This cinema doesn't just show films it makes them
Filmmaker Lara Hewitt has a new and grand ambition. After “rescuing“ a cinema she is turning her talent to making a third film for Christmas release. FIONA FINCH reports on how she is also completing a film about love and loss and Europe amid Brexit.
The Palace cinema doesn’t just show movies - its owner is making them too.
Lara Hewitt, owner of one of the most historic cinemas in the region has revealed plans to make a full length movie and she intends to seek crowd-funding cash to make the screen dream come true.
The seed of an idea to make the film was planted following the success of a nostalgic Christmas ad Lara made to promote her Longridge cinema last year.
It has since had some 15,000 views on YouTube and featured on TV.
Lara said: “People really took to it and I just really wanted to harness the enthusiasm and groundswell behind the Christmas film and keep running.”
But the financial realities of operating a cinema and film making are never far from the door.
Lara said: “We have to look at what’s actually possible with a budget. It makes it a lot easier and cheaper to film if you just keep it very local. We could film it this winter (next November/December) ready for release at Christmas 2021 - that’s pretty quick for a feature film.”
The popular Christmas Palace ad comprised a nostalgic celebration of the cinema. It featured a widower remembering the key role the Palace had played in his life,including his courtship and marriage...and concluded with his grandchildren arriving to enjoy a film with him.
To finance her new project Lara is hoping supporters will buy advance premier tickets for £25 with red carpet VIP treatment and a glass of fizz, £10 for a regular ticket with tea and popcorn and pay up in advance to buy dvds and signed posters. Even with such support she estimates the film could still cost £40,000 to make.
She is working on the fine detail of the crowdfunding and said: “It would still have to be done on a budget using local people prepared to act for free (then) we would have money to pay for post-production. It’s been a while since we’ve had a good British Christmas film I think.”
Lara continued: “I’ve got to write a script yet and cast people. I’m working on another film at the moment and I’ve got the cinema to do as well.”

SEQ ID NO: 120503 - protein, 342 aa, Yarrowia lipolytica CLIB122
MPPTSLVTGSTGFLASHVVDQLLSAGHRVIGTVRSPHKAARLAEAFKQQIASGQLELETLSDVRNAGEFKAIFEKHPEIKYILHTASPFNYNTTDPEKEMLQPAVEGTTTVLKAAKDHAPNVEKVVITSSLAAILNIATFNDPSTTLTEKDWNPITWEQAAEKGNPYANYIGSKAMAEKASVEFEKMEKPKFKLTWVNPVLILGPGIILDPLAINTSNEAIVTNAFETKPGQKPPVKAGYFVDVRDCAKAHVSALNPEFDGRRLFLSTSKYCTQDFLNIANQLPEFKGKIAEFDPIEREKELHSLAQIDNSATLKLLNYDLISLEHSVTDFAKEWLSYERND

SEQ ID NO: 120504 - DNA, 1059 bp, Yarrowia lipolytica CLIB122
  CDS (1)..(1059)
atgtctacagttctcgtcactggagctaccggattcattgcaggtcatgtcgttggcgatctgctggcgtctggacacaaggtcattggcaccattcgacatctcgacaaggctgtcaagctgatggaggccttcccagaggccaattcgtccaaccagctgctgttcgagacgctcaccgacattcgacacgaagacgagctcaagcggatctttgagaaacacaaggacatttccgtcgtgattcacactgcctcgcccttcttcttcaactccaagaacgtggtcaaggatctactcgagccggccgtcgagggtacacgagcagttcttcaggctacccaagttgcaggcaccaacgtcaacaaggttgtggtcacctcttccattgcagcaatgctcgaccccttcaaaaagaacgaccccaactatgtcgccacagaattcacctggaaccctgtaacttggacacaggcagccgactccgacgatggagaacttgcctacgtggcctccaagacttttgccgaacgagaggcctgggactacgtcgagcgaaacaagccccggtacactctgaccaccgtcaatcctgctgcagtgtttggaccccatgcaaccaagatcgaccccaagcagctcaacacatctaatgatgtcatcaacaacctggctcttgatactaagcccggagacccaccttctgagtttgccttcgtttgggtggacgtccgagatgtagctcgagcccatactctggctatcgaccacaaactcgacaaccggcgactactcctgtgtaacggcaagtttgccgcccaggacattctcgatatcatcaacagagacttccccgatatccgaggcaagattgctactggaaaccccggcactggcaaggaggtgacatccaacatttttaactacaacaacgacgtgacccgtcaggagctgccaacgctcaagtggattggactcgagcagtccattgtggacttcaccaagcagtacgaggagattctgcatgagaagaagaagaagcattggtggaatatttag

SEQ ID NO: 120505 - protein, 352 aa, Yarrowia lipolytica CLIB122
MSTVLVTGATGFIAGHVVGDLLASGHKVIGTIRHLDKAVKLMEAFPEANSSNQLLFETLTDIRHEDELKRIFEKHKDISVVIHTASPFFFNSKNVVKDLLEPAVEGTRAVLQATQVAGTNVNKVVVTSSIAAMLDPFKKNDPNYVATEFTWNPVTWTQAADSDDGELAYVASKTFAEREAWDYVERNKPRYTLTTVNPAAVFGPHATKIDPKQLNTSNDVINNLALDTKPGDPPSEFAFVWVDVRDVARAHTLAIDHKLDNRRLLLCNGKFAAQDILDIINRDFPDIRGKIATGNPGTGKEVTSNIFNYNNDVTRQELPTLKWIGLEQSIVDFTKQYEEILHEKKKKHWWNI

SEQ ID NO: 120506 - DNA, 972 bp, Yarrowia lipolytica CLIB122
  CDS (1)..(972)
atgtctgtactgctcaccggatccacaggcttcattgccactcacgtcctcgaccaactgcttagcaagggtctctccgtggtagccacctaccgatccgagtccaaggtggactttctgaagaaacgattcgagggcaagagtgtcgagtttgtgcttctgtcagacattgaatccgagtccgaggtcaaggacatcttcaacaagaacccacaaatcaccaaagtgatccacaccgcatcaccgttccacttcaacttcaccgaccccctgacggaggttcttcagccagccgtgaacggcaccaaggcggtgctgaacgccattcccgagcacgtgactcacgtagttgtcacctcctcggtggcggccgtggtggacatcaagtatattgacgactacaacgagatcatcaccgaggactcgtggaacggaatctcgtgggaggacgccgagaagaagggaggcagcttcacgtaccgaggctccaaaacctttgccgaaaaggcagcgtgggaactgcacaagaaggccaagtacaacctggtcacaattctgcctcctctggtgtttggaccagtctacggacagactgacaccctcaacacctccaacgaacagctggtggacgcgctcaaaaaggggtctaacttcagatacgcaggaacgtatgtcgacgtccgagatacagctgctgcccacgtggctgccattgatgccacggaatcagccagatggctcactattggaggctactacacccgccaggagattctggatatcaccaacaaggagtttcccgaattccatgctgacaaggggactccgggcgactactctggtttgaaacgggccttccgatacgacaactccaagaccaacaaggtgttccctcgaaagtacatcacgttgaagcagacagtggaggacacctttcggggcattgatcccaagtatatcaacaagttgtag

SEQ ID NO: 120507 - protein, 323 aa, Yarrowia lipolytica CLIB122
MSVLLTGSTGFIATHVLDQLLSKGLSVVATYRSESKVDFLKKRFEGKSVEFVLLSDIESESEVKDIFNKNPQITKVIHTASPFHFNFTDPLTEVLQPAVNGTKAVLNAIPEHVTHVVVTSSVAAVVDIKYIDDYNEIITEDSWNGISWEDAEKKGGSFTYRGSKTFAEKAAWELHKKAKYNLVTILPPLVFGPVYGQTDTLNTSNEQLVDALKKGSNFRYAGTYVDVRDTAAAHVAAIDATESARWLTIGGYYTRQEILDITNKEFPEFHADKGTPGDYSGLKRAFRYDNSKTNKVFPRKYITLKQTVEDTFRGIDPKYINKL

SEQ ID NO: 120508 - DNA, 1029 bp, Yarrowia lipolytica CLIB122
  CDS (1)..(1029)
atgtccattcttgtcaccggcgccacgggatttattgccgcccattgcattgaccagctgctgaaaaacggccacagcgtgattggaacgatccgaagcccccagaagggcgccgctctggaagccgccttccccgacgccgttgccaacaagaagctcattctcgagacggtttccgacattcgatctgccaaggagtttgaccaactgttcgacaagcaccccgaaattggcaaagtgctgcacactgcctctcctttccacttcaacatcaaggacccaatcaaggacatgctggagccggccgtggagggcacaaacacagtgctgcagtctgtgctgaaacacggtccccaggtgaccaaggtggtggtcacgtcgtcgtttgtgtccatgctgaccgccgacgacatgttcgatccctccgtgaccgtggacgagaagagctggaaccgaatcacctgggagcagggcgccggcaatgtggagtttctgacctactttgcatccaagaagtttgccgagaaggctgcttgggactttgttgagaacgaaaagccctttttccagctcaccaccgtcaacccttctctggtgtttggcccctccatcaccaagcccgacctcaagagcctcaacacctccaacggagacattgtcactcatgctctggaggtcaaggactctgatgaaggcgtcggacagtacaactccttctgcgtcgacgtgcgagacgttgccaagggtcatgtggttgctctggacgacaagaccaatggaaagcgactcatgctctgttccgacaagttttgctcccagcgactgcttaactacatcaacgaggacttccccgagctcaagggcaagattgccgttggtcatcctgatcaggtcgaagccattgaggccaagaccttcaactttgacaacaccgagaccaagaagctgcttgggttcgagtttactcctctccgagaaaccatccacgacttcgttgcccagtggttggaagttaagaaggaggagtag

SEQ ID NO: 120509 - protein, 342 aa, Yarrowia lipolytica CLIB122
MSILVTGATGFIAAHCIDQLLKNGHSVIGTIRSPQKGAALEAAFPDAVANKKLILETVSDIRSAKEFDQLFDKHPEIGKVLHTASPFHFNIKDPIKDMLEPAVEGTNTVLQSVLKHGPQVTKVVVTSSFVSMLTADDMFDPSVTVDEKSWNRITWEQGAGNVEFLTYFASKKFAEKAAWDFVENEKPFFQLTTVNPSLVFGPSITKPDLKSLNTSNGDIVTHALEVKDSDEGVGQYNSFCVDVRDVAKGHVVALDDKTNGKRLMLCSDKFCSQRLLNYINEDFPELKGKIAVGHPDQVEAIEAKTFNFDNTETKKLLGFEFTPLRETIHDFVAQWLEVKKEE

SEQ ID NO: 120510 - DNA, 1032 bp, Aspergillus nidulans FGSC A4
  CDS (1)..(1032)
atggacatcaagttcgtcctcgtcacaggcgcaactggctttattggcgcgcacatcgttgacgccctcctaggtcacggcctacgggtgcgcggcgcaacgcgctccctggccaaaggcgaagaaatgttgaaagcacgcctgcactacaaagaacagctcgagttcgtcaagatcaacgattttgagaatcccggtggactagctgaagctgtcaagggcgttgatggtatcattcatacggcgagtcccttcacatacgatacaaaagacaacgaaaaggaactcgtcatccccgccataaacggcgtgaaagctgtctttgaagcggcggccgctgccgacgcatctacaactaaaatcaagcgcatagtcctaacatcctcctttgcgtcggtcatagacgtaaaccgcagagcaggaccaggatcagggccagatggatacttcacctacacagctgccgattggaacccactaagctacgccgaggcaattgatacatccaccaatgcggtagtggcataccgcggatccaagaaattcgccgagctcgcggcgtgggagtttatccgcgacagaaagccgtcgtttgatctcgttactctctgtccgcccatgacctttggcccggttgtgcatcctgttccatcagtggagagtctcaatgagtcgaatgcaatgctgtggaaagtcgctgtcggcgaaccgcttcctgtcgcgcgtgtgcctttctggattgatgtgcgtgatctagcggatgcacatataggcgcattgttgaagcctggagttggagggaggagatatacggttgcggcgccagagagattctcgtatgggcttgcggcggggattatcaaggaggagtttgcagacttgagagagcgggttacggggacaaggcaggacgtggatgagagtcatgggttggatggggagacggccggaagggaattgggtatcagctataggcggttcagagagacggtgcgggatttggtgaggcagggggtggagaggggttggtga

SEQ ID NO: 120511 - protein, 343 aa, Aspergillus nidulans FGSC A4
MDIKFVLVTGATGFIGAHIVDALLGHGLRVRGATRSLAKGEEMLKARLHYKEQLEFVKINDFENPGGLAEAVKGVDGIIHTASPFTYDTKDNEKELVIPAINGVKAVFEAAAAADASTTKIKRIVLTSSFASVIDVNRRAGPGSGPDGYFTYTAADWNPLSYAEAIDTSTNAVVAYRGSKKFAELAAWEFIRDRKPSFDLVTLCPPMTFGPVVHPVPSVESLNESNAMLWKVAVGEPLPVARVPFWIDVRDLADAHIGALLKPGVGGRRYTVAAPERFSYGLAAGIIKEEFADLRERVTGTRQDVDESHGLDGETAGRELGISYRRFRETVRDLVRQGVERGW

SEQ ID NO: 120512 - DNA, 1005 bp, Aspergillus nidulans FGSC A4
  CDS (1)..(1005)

She is delighted that Stephan Bookas, who filmed and edited the Christmas ad, has come on board for the project. She said: “He’s been coming up to the Palace since March 2018 and he’s making a documentary about the Palace as well.I did my first feature film with him called Datsche.”
She emphasises she is also looking for people’s stories on the basis that truth is often more entertaining than fiction: “The nice thing with a small town is finding the universal in the specific. You’ve got the world in a small scale you can capture. The cinema of course is a great venue. ”
Meanwhile Lara is busy editing what she calls her “Goodbye Europe” film.”
She said: “The Goodbye Europe film will be very different because it’s a ‘run and gun’ documentary. It’s an iPhone travel documentary, rough and ready. I went to France, Belgium, Germany, Poland, the Czech Republic, Hungary, Bosnia, Austria and Italy. I’ve got a bit more to film in England now. I’m submitting it to festivals and sending my wishes up to the Gods it will be accepted because it’s such a timely piece.”
A self-confessed European and anti-Brexiteer she said: “It really doesn’t matter what side people voted. It’s just about marking this moment in time... We’ve been in this union 43 years and (we’re) leaving. It’s also kind of personal, not just about Brexit, it’s about how we say goodbye to things and people and places we’ve loved and how we move on. It’s about love and loss ...It’s got everything from politics in Brussels to Italian romance and it’s also about my dad as well. He voted for Brexit. All my life I was a European. “
Of the EU departure the 38-year-old said: “We were together for 43 years - longer than I’ve been alive and we won’t be. That’s worth marking from a personal and emotional level. My life has been lived in Europe. I started travelling independently and with my own money and getting work in Europe in the sixth form - my whole adult life. For me we’re losing citizenship as well.”
Lara has lived in Germany and France and in her 20s worked as a blues singer in Austria. It was the cinema project which brought her back to the UK. It was to be a joint project with her businessman father Tony, who died suddenly and unexpectedly in December 2017.
Since then Lara has worked to revive the cinema’s fortunes, introducing more live shows, extra screening times and dementia and autism friendly and signed screenings, a book club, a writing group and other initiatives. She said: “Our sales were up last year on the previous year,but we still didn’t make a profit . We are hoping this year we will break even.”
She is now editing and working on post-production of her European film which has a special co-star - Bruce the cinema dog. She said: “It’s got heart and it’s got a dog and a camper van. It’s me going around Europe. It’s like a love story.”
The flat-coated retriever holds a special place in her heart. Lara was en route to Scotland to collect Bruce as a new puppy when she got the call her dad was dying: “I had to get to the RPH (Royal Preston Hospital) and dad died.Then I had to get back up to Scotland to get this dog. Bruce has gone through it all with me. Now he went though Brexit and slept by my side.”
Lara returned to mainland Europe for two weeks just before Brexit, travelling to Greece and through the Balkans. She discussed the following question with a friend in Athens:“What would you do if you knew you had the time to say goodbye?”
She added: “I didn’t have the time to do that with my dad. We never got the time to say the things you want to say.”